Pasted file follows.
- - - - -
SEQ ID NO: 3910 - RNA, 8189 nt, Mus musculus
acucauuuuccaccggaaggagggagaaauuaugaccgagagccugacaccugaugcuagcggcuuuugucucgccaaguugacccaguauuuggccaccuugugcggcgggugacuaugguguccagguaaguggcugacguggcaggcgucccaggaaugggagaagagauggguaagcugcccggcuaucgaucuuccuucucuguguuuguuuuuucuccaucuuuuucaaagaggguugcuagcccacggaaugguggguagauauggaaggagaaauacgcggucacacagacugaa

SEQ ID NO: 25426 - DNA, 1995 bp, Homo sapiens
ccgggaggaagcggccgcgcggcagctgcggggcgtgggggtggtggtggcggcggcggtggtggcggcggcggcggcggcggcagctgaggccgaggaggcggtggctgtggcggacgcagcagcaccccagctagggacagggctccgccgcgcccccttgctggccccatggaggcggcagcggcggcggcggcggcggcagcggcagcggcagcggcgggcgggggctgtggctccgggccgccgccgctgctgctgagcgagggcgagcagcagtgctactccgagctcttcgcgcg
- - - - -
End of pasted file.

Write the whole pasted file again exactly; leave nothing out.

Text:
SEQ ID NO: 3910 - RNA, 8189 nt, Mus musculus
acucauuuuccaccggaaggagggagaaauuaugaccgagagccugacaccugaugcuagcggcuuuugucucgccaaguugacccaguauuuggccaccuugugcggcgggugacuaugguguccagguaaguggcugacguggcaggcgucccaggaaugggagaagagauggguaagcugcccggcuaucgaucuuccuucucuguguuuguuuuuucuccaucuuuuucaaagaggguugcuagcccacggaaugguggguagauauggaaggagaaauacgcggucacacagacugaa

SEQ ID NO: 25426 - DNA, 1995 bp, Homo sapiens
ccgggaggaagcggccgcgcggcagctgcggggcgtgggggtggtggtggcggcggcggtggtggcggcggcggcggcggcggcagctgaggccgaggaggcggtggctgtggcggacgcagcagcaccccagctagggacagggctccgccgcgcccccttgctggccccatggaggcggcagcggcggcggcggcggcggcagcggcagcggcagcggcgggcgggggctgtggctccgggccgccgccgctgctgctgagcgagggcgagcagcagtgctactccgagctcttcgcgcg